The liberal media hard at work

Guest blogging over at Washington Monthly, Steve Benen (regularly of my other favorite blog, the carpetbaggerrport) has a very interesting post about a Military Times poll that finds that a majority of active duty military personnel think it was wrong to go into Iraq and overwhelmingly disapprove of Bush's handling of the war.  Yet, from your “liberal media” hardly a peep.  Certainly seems plenty newsworthy to me. 

Re-writing history

Well, after a nice long blogvation I'm back and ready to start filling the cyber world with my irresistible nuggets of wisdom and commentary again.  Let's start with Gerald Ford.  It does not seem right to criticize a man on the day of his state funeral, and I'm not going to.  Rather, I'll criticize those who would re-write history to make Gerry Ford the modern day saint of bipartisanship and all that is right and good with politics.  By all accounts, Ford was a good and decent human being and did a decent enough job as president, pardon of Nixon aside.  But all these endless accounts of what a great act of statesmanship the pardon was are really too much. 

Among various comments on the matter I've read/heard in recent days, one that really struck me was the suggestion that it could have actually been worse for Ford had he not pardoned Nixon.  Ongoing hearings and possible criminal trial could have created a tremendous drag on his presidency.  The conventional wisdom (something of which one should always be suspect), says that pardoning Nixon cost Ford reelection in 1976.  But what if , the ongoing saga of an unpardoned Nixon might have likewise created political trouble for Ford.  Maybe he was damned if he did, damned if he didn't.  I also heard on the news this morning that they just released statements by Ford which basically said he pardoned Nixon because he was his personal friend. 

Slate's Tim Noah has the best critique of all this I've read.  Ford is getting all this credit for avoiding the presumed national trauma of a criminal trial for Nixon, yet evidence from that actual time period strongly suggests there was not going to be a criminal prosecution.  Noah's highlights:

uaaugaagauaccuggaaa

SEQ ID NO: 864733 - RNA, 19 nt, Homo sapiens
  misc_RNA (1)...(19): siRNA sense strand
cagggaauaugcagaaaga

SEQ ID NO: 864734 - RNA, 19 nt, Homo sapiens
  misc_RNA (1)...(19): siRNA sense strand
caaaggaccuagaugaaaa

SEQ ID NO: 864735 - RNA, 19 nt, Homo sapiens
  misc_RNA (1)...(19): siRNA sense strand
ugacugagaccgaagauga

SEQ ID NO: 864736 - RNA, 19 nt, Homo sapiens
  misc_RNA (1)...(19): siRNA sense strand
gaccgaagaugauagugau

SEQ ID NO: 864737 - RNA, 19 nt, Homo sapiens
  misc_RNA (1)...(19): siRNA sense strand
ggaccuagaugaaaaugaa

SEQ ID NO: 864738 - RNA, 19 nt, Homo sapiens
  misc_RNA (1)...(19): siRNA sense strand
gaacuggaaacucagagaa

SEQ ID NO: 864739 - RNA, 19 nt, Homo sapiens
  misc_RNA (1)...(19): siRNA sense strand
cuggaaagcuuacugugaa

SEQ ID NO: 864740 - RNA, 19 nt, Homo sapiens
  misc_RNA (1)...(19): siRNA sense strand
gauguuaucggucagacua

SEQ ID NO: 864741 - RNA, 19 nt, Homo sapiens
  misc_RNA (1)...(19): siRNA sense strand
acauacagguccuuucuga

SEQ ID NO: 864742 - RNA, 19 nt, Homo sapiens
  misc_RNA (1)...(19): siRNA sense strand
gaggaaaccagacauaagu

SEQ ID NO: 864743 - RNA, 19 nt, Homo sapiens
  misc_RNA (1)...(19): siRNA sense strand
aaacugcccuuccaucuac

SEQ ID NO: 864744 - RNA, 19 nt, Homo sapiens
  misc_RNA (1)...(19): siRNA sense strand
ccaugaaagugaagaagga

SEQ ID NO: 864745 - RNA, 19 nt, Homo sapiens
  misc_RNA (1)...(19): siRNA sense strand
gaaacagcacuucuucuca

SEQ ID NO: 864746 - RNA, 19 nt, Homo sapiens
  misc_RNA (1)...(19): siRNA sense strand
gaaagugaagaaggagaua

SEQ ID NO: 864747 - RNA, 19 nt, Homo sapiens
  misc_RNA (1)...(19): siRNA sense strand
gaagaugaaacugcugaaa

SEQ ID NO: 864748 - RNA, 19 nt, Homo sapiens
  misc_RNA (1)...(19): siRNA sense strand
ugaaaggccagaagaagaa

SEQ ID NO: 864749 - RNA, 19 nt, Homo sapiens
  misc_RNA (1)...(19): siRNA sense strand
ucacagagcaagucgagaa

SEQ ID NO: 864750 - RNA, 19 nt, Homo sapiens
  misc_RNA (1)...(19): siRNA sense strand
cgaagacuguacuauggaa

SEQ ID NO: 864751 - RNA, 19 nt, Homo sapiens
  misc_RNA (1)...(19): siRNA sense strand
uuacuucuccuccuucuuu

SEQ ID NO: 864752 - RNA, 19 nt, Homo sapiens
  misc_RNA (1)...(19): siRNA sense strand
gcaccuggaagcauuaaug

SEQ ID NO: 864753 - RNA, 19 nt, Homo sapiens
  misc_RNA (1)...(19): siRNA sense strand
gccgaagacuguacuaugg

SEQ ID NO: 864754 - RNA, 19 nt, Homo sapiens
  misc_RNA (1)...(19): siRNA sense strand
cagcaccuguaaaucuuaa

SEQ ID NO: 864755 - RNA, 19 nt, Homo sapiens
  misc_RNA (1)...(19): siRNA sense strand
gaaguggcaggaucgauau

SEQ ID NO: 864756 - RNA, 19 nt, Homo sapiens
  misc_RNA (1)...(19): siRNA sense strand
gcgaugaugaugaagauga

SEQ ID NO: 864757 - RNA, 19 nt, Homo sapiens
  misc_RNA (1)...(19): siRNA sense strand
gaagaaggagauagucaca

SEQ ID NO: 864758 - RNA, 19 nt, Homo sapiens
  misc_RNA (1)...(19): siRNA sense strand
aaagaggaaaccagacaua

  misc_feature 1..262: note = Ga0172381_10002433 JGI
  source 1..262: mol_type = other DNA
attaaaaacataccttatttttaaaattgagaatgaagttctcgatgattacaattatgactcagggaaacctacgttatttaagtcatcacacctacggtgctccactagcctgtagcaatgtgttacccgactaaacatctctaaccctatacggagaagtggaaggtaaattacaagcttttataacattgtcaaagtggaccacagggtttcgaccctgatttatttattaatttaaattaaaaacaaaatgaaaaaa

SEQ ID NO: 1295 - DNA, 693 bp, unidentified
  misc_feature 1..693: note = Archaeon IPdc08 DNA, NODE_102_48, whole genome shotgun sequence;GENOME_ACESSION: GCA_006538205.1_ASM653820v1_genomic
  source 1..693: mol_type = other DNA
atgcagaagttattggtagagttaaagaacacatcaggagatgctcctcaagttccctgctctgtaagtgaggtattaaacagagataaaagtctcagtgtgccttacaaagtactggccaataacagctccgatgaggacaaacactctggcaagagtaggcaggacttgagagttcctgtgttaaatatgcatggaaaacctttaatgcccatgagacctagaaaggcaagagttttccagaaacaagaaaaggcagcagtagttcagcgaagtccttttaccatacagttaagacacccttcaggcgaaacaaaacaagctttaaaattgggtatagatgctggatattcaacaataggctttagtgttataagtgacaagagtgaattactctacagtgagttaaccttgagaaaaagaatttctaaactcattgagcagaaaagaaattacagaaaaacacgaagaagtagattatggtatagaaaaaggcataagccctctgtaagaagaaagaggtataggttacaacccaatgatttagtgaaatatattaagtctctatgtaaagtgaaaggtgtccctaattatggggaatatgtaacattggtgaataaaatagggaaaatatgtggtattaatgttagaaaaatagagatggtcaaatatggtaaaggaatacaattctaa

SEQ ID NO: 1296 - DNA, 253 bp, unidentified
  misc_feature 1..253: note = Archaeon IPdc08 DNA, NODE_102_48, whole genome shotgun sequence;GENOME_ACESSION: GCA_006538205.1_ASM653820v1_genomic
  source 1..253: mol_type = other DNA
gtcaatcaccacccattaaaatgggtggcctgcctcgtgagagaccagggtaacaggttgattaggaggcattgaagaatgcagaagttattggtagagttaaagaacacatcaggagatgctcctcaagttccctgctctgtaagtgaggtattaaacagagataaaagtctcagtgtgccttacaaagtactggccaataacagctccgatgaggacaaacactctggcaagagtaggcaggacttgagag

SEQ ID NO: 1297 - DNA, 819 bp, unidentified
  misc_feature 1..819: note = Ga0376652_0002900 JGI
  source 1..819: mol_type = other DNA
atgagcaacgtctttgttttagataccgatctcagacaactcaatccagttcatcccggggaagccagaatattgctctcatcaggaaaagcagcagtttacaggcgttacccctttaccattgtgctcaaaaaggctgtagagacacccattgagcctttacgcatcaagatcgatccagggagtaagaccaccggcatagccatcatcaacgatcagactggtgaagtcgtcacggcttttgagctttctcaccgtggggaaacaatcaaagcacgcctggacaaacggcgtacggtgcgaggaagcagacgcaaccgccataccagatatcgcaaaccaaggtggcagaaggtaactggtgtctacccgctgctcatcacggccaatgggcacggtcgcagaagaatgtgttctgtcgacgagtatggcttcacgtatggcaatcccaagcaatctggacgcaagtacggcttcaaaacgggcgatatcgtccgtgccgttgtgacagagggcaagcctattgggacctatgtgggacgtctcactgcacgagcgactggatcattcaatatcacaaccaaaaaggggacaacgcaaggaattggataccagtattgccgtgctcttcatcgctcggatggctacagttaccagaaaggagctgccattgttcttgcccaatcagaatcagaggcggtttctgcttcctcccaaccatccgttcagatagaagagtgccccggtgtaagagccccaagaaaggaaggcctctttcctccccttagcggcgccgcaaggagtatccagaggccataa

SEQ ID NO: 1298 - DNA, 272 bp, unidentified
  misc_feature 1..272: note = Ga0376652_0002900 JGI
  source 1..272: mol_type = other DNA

Why was Ford wrong to pardon Nixon? Mainly because it set a bad
precedent. Nixon had not yet been indicted, let alone convicted, of any
crime. It's never a good idea to pardon somebody without at least
finding out first what you're pardoning him for. How can you
possibly weigh the quality of mercy against considerations of justice?
Yet it would happen again in December 1992, when departing President
George H.W. Bush pardoned Caspar Weinberger, former defense secretary,
12 days before Weinberger was set to go to trial for perjury. As I've noted before,
this was almost certainly done to prevent evidence concerning Bush's
own involvement in Iran-contra (when he was vice-president) from
becoming public.

If Ford hadn't issued the pardon, would Nixon have stood
trial, or perhaps even been sent to jail? If so, his successors might
have learned the valuable lesson that presidents are not above the law.
But odds are that no prosecution would have taken place. In a Dec. 28
editorial, the Wall Street Journal stated that Watergate
Special Prosecutor Leon Jaworski “seemed determined to pursue” a
criminal trial. The precise opposite is true. By his own account,
Jaworski was reluctant to pursue prosecutorial alternatives to
impeachment. James Cannon's 1994 book Time and Chance: Gerald Ford's Appointment With History quotes
Jaworski saying, “I knew in my own mind that if an indictment were
returned and the court asked me if I believed Nixon could receive a
prompt, fair trial as guaranteed by the Constitution, I would have
replied in the negative.” In a Dec. 29 op-ed in the Washington Post, Jaworski's former employee, Richard Ben-Veniste?yet another
person who changed his mind and now thinks Ford was right to pardon
Nixon?writes that Jaworski was “of the view that Nixon's precipitous
fall from the highest office was punishment enough.”

So, give Ford credit where it is due, but do not be too easily convinced that Ford's pardon of Nixon was a great self-sacrificial act of statesmanship. 

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